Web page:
Part 2 – How To Have A Successful Tag Sale (and make money too)!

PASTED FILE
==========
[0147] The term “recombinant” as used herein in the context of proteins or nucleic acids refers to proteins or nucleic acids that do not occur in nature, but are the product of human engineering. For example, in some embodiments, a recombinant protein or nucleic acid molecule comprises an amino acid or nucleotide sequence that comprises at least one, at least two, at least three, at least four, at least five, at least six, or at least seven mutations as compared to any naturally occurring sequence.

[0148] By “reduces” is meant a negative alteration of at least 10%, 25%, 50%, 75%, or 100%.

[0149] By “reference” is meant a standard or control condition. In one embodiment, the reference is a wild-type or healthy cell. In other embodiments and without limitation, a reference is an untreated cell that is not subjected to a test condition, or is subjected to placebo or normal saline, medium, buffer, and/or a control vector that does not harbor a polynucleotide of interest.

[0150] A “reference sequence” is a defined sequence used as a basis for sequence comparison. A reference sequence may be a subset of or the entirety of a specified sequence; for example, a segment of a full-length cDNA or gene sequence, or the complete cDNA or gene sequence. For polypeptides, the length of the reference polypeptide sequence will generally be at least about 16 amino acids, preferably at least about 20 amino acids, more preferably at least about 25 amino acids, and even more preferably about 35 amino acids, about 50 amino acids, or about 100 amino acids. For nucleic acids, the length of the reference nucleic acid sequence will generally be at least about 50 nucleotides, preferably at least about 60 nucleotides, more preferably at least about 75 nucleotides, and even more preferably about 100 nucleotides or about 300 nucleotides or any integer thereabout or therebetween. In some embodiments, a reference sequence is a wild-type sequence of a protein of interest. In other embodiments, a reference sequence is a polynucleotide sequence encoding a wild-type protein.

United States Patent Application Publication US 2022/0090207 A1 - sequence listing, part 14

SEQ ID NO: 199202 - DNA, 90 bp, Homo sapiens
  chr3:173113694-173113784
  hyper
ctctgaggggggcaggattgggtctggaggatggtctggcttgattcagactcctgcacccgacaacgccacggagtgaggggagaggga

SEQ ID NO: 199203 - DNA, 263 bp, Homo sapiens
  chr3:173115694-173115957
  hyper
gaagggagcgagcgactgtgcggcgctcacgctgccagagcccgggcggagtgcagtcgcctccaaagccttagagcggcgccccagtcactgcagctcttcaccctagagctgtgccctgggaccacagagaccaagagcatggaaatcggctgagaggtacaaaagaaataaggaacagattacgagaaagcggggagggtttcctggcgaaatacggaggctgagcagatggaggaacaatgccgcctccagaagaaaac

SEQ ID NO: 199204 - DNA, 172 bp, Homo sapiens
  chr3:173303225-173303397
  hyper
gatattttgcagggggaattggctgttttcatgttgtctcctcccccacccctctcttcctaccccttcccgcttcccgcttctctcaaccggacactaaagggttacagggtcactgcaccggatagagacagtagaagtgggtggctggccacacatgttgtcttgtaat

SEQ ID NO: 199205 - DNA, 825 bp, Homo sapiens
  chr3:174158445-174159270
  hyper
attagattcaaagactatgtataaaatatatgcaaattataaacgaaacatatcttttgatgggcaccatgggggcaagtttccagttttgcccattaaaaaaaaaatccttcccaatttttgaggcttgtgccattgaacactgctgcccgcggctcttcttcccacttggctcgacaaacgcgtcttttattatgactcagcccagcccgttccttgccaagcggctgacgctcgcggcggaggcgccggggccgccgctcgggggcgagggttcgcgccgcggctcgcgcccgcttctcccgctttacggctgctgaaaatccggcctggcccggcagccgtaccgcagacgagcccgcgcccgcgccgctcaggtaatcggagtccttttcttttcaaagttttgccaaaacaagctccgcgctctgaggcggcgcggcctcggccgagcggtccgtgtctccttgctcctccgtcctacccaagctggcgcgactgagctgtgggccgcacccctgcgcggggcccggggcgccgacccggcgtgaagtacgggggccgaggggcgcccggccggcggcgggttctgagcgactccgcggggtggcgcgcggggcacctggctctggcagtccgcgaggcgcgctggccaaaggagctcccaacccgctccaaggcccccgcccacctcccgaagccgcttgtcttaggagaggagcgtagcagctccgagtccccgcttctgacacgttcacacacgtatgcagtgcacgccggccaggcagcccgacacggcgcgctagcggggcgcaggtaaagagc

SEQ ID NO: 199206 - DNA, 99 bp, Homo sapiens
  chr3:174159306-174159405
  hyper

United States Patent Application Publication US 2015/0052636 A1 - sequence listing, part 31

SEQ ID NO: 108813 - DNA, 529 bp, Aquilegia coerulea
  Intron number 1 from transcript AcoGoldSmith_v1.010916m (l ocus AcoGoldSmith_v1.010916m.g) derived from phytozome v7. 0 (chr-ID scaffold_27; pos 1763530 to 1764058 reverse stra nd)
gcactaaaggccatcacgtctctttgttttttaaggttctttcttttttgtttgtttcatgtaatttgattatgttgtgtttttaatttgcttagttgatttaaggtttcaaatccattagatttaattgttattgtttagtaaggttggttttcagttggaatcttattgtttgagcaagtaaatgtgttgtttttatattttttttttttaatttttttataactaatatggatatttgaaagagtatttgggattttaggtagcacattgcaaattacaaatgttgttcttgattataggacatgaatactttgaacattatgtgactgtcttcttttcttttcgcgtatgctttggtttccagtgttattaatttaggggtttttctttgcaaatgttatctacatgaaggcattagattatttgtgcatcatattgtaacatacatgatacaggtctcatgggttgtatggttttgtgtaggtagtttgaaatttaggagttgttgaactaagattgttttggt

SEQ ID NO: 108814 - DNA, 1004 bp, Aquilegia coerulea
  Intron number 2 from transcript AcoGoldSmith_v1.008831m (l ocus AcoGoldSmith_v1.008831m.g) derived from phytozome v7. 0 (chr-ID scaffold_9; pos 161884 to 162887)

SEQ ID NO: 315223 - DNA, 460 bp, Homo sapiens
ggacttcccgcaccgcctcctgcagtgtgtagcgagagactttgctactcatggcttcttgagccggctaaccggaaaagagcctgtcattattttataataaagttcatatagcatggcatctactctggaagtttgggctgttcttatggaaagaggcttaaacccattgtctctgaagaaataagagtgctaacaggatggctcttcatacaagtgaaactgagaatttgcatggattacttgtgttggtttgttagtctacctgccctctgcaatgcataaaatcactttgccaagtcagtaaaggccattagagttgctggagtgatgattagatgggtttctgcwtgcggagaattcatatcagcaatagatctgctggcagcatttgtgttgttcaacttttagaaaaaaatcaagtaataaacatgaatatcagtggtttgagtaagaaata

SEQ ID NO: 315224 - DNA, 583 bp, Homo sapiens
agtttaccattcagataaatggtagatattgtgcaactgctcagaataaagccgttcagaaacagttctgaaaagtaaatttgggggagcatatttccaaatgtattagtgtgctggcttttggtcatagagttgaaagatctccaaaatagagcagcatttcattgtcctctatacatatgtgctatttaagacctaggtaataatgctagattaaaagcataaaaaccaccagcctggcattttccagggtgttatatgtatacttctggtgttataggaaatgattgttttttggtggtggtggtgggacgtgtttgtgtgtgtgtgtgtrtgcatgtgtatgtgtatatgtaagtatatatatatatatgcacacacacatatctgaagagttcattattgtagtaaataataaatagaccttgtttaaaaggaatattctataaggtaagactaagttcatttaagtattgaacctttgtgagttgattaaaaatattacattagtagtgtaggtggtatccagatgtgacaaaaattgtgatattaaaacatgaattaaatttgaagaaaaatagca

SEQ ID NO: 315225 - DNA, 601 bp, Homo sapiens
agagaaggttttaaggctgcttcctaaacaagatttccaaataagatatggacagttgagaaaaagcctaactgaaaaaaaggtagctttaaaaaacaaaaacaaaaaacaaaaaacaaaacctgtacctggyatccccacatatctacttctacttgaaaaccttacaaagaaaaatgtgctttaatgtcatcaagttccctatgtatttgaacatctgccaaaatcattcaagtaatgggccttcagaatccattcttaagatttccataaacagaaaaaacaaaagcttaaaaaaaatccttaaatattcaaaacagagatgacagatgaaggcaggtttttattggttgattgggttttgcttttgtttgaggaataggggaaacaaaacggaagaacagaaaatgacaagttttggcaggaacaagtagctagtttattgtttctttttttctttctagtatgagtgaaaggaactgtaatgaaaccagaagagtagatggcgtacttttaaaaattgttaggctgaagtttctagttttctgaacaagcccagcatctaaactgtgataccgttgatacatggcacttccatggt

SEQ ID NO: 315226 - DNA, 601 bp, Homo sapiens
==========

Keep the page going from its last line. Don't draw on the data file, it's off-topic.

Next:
In this part we will discuss goals of the tag sale. Is the goal to make money or to simply get rid of stuff? Some people don’t care about the money they would make by having a tag sale. We have already said it’s a lot of work, and it is. Some people just don’t want to be bothered. Heck, they can take all the stuff down to the local non-profit and take the tax write off. But even that is work. And, if your the type of person who really doesn’t need to money, well the tax write off isn’t going to mean much to you anyway. You’d be doing that as more of a favor to the charity and that’s fine. Many flea marketers, and treasure hunters alike hit those store too for the buys. Maybe your stuff is “too good” for a tag sale or a donation. That’s possible too. We will discuss that aspect later when we talk about pricing. If your goal is to get rid of things and make a little cash then, a tag sale – or even an estate sale would be beneficial to you. The main rule you must remember however if you want to get rid of stuff and make money too, is to build a profit into the sale for the buyer. In other words, the item has to be priced fair and reasonable enough that someone will actually reach into their pocket and pay you the cash. What type of buyers are out there? Well, the answer is simple…all types! Tagging or yard sailing, mouse-ing, or hunting for rusty gold has become a national past time in the United States. Everyone it seems is out there looking for things they like, things they collect, things they need, things they can use, thing they can resell, heck things they don’t even need! They just can’t pass up a bargain. What kinds of things sell? Almost anything. George Carlin once said if you hammer two pieces of wood together some one will buy it. What types of things do you have to sell? And, what type of things to sell that will actually make money? We will now answer that last question by categorizing stuff into three categories; antique, collectible and modern. An item generally has to be at least 100 years old to be considered an antique. So, let’s do the math. You’ve been in your house for 50 years. When you moved in you brought with you your parents dining room set. The set has been in your house for 50 years plus your parents had it for at least 50 years (you remember having dinner on that table when you were little). Your mothers mother gave that to her. Chance are that set is antique. Collectibles are things that are less than 100 years old. That metal Coca-Cola carry along cooler you have down in the basement was bought in the 1950’s. You remember bringing that to the beach. In fact, you remember when your mom got it – she saved and turned in her S&H green stamps. Your sons Tonka trucks he had when he was a child. He is now 47 and they are collectible. Then, there are modern items or things that were made with in the last 30 years. Within these 3 categories of antique, collectible and modern are many sub categories or areas of interest to buyers. You must look through your house, attic or basement and get a feel for the types of things you have and want to part with. Once you do that then you will need to start getting organized. You are now at a critical junction. Just exactly how much stuff is there? We have been in houses where literally we needed to clear a space in front of your next step to move forward. Loaded. In Part 3, we will share some of the tools and methods we use to help people get organized so that they can have an orderly, effective sale and make the most back for there efforts. There are several ways to do this but there are also mistakes that can be made so check back soon!

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